The Bosphorus road tunnel project which broke through Aug. 22 in Istanbul, Turkey, is a major achievement on one of the world’s biggest and most challenging tunnel drives. At 13.66 m in diameter and 11 bar of water pressure in fractured rock and soft ground, the 3.34-km long bore is unprecedented. It has needed skillful engineering on site and extended TBM technology to do it.
Making the job more difficult for both tunnelers and tunnel machine is the combination of challenges. Many tunnels face high water pressure, though not quite so high as this, and many tunnels face blocky, fractured, abrasive and difficult rock. Many tunnels have to go through soft ground and some have to make a transition between hard and soft. Some tunnels have very big diameters. For the Bosphorus all these factors came together at once. Additionally, there was a high seismic risk from the major Marmara fault line just to the south of Istanbul. Special yielding joint technology has been applied at two critical points, the joint segments produced and tested in Japan.
The tunnel runs across the narrow Bosphorus seaway connecting the Black Sea to the small Sea of Marmara and the Mediterranean beyond it. The sea channel famously separates not just two sides of the city but two continents, Europe and Asia. The new route sits at the southeastern end of the Bosphorus, on the populous urban coast of the Marmara Sea, running between the historic Golden Horn peninsula on the west with its Blue Mosque and Hagia Sophia, and the port districts on the Asian side. There has been no connection directly between these important areas.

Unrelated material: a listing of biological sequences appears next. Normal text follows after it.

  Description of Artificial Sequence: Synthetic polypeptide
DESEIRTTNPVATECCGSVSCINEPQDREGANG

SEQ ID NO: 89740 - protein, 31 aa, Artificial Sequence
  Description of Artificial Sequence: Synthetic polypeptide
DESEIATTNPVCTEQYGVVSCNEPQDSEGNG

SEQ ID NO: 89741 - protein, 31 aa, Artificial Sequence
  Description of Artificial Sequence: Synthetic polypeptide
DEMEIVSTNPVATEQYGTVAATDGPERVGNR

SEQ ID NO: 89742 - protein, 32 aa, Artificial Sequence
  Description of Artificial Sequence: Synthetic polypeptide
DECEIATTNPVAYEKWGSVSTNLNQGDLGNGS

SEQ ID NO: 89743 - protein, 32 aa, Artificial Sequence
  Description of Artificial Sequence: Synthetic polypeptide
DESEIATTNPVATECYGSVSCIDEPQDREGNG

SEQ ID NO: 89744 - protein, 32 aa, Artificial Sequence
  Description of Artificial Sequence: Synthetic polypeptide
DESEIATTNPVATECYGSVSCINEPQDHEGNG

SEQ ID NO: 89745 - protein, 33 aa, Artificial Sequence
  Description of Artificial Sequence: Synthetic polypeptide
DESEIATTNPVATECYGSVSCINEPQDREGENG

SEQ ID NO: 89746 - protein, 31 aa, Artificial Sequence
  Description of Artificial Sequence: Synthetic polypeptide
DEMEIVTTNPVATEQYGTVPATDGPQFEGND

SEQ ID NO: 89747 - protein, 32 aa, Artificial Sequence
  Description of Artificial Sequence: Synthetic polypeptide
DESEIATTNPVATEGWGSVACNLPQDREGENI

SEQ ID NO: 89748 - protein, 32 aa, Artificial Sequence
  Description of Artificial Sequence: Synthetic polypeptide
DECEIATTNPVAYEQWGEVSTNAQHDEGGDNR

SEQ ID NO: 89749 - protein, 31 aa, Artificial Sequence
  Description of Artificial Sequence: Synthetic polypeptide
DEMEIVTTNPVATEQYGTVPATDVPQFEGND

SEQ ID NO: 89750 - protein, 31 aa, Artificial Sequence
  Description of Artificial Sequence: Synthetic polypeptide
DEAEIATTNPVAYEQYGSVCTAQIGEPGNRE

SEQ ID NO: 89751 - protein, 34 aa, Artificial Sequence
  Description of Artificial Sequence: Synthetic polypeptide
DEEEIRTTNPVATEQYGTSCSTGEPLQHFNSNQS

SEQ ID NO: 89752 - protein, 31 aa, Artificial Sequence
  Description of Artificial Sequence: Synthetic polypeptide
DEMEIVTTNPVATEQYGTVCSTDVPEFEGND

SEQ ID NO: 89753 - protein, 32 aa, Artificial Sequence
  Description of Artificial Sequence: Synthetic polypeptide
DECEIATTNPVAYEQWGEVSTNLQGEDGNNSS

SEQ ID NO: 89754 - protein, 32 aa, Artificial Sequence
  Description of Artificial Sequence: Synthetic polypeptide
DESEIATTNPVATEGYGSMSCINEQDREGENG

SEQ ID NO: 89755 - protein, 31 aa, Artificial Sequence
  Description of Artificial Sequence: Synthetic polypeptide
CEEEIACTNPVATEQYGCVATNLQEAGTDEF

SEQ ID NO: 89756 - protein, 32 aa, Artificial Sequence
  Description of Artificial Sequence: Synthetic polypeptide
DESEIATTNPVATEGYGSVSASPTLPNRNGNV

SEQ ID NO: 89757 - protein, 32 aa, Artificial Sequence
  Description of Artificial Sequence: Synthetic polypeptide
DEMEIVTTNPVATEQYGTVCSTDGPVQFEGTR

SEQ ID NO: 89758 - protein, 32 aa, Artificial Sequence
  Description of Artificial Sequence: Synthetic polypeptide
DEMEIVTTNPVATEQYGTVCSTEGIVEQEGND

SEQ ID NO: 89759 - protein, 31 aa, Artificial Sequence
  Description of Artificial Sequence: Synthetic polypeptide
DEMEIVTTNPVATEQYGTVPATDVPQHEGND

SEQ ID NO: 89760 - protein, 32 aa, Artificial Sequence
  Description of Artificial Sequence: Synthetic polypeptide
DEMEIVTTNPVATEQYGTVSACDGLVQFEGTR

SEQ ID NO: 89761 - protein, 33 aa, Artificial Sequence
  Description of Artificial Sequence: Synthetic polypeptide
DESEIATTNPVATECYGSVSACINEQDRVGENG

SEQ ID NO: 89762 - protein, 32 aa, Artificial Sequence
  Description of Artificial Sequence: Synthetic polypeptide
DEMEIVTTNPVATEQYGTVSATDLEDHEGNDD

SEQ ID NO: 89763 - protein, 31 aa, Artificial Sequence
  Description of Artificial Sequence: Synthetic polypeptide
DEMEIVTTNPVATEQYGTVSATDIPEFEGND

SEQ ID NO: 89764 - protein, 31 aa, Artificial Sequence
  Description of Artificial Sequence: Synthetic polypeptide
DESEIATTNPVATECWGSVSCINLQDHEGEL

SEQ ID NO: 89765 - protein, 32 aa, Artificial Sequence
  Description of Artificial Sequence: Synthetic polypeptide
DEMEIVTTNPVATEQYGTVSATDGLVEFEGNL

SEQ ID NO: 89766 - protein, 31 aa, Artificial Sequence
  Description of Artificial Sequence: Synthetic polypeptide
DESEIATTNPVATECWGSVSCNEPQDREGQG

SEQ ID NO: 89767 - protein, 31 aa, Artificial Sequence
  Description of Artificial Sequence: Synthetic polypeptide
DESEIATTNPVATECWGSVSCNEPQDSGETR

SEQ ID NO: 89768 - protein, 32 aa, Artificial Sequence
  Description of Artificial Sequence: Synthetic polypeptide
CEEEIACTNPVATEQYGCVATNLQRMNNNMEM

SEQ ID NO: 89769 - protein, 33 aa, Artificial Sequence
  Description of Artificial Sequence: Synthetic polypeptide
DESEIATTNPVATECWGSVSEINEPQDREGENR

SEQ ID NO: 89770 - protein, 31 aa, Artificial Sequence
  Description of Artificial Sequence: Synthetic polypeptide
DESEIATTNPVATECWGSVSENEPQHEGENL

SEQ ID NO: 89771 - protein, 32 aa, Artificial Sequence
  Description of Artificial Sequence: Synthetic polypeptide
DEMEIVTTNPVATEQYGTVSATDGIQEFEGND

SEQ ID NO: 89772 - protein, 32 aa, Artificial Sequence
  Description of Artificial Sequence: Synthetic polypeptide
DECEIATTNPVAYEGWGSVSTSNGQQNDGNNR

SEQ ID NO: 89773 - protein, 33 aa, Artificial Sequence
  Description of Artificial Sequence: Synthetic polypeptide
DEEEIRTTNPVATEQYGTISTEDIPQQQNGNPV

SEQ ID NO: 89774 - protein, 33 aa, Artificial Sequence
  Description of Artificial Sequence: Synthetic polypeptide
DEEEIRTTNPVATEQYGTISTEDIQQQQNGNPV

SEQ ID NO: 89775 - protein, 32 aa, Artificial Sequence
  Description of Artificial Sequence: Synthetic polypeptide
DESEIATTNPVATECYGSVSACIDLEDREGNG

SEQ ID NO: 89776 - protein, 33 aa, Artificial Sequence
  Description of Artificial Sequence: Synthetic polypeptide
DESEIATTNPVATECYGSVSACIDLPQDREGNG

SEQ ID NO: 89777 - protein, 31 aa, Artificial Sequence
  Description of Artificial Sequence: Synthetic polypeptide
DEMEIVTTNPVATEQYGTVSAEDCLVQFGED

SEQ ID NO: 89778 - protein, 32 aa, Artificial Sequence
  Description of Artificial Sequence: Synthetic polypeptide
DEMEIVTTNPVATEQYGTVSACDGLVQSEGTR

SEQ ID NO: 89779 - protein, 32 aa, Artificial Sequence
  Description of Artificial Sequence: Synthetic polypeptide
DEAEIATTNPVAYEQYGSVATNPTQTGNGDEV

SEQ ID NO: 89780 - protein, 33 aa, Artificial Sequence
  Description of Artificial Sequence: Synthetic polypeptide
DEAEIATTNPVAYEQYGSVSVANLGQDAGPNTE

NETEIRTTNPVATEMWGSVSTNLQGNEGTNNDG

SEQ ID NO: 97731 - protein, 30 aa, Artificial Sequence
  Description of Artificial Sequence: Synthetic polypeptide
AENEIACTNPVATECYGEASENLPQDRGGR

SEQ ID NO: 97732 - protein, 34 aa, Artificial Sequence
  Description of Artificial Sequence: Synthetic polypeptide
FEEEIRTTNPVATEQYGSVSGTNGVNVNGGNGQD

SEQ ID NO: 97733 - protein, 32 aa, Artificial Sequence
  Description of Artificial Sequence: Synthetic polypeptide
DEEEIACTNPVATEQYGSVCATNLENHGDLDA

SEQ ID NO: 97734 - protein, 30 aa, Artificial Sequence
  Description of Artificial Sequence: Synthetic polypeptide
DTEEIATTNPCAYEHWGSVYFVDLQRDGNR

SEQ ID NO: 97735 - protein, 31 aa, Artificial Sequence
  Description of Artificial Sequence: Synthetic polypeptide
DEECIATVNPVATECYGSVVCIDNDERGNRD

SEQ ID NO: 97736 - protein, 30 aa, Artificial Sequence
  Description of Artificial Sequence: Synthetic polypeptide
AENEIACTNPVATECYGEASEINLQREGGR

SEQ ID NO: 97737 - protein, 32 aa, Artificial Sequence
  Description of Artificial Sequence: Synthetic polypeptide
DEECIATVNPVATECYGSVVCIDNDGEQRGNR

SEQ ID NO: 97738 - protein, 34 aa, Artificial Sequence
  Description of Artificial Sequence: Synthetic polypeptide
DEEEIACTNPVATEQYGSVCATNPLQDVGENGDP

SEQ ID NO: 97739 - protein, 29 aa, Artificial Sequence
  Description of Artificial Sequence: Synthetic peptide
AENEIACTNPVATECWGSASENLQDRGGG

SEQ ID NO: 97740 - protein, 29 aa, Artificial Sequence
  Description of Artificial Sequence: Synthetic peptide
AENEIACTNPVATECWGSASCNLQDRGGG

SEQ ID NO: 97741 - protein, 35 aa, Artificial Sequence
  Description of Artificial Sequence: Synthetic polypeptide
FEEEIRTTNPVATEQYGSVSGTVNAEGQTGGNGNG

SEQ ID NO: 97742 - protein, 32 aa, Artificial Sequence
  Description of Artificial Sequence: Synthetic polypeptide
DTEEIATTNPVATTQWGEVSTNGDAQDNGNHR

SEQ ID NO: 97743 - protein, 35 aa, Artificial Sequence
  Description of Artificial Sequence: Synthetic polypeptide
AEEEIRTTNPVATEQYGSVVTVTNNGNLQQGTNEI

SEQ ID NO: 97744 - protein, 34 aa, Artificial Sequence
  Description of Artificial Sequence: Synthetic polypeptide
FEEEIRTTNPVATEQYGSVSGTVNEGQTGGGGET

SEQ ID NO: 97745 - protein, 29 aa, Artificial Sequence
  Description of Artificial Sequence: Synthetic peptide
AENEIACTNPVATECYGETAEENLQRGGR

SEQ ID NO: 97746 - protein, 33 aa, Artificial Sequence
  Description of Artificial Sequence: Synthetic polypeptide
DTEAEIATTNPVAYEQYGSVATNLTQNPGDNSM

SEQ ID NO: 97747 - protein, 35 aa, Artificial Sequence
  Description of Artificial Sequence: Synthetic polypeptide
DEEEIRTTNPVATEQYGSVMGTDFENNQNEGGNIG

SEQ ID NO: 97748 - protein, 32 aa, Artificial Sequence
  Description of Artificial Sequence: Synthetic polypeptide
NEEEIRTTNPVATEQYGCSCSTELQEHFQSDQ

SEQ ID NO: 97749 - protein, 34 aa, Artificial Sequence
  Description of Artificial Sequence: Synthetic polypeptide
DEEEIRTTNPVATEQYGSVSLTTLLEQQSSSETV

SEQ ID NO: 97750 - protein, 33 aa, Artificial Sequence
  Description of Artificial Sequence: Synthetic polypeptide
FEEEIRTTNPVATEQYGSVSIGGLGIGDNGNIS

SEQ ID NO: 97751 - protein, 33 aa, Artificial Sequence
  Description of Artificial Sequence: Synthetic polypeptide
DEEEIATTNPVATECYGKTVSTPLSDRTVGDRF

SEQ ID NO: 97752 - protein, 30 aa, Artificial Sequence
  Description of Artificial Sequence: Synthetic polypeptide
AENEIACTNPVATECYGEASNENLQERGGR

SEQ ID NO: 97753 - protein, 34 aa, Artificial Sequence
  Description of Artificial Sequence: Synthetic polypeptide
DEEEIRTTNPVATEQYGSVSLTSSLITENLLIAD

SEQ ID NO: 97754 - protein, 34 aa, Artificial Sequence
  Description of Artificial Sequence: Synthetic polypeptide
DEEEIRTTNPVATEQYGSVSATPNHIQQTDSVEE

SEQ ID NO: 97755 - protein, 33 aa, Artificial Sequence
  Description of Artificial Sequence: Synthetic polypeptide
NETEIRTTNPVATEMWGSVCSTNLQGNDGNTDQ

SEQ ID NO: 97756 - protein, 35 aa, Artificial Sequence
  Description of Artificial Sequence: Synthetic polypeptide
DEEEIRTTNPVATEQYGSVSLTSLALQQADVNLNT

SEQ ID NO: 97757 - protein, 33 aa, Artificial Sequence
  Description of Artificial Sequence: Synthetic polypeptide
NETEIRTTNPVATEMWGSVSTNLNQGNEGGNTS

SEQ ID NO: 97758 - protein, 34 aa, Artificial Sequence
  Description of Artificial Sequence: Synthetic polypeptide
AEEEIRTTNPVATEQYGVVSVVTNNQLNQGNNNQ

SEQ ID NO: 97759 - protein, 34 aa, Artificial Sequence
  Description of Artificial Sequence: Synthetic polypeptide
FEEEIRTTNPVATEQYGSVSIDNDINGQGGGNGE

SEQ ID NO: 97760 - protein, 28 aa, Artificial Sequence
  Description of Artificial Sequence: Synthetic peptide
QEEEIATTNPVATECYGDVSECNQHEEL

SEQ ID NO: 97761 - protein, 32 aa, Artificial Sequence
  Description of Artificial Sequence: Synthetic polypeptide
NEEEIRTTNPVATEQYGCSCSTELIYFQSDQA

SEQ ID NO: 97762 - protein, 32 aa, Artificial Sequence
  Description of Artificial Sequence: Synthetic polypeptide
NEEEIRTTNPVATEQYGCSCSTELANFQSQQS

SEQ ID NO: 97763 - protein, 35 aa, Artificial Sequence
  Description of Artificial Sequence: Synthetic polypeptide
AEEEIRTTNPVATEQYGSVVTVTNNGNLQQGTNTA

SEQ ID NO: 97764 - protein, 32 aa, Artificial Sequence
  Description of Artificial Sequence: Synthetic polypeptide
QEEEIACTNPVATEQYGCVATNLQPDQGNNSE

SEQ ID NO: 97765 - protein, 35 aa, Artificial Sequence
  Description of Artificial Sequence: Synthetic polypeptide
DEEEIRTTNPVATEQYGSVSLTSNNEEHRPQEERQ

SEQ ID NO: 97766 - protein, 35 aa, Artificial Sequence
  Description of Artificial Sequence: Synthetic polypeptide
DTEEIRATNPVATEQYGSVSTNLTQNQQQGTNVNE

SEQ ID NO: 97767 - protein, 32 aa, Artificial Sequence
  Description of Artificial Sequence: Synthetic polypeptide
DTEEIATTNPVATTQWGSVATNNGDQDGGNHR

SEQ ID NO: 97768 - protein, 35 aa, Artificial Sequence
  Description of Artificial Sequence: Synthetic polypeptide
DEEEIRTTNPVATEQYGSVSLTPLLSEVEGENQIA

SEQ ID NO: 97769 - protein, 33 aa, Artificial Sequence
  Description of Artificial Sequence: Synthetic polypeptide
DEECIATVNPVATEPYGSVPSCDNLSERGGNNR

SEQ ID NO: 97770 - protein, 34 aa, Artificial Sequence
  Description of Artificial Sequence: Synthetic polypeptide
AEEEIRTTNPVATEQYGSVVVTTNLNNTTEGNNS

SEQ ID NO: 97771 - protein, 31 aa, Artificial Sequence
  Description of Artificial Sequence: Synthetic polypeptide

Currently ferries link the bustling conurbation at various points and there are two major road bridges at the mid-point of the Bosphorus. But both are clogged with traffic at rush hours. Now the new tunnel section, and the overall 14.6-km long highway it is part of, will cut journey times from a 100 minutes round trip to a 15-minute direct journey. The link will also relieve traffic loads on the bridges but without intruding on the famous skyline. But to do it, the alignment must go 106 m deep under the Bosphorus.
Meaning “throat” in Turkish, the great channel was carved through the local Trakya formation, a complex mixture of sandstones and mudstones. In the glacial period it was partly filled with soft alluvial deposits but the water is still 62 m deep where the tunnel crosses, with bedrock 40 m below that. The tunnel goes through the permeable sediment and highly fractured rock, each saturated with the seawater above.
“That meant using a TBM that could handle hard and soft ground and at high pressure.” says Gert Wittneben, TBM construction manager for the YMSK JV building the tunnel. YMSK JV is a combination of Turkish contractor Yapı Merkezi Construction (lead) and Korean firm SK Engineering & Construction. “It had to be a slurry machine, a Mixshield type.”
The impermeable reinforced concrete segments used in the subsea tunnel have an average compressive strength of 70 megapascal and were produced by the Yapı Merkezi Prefabrication division.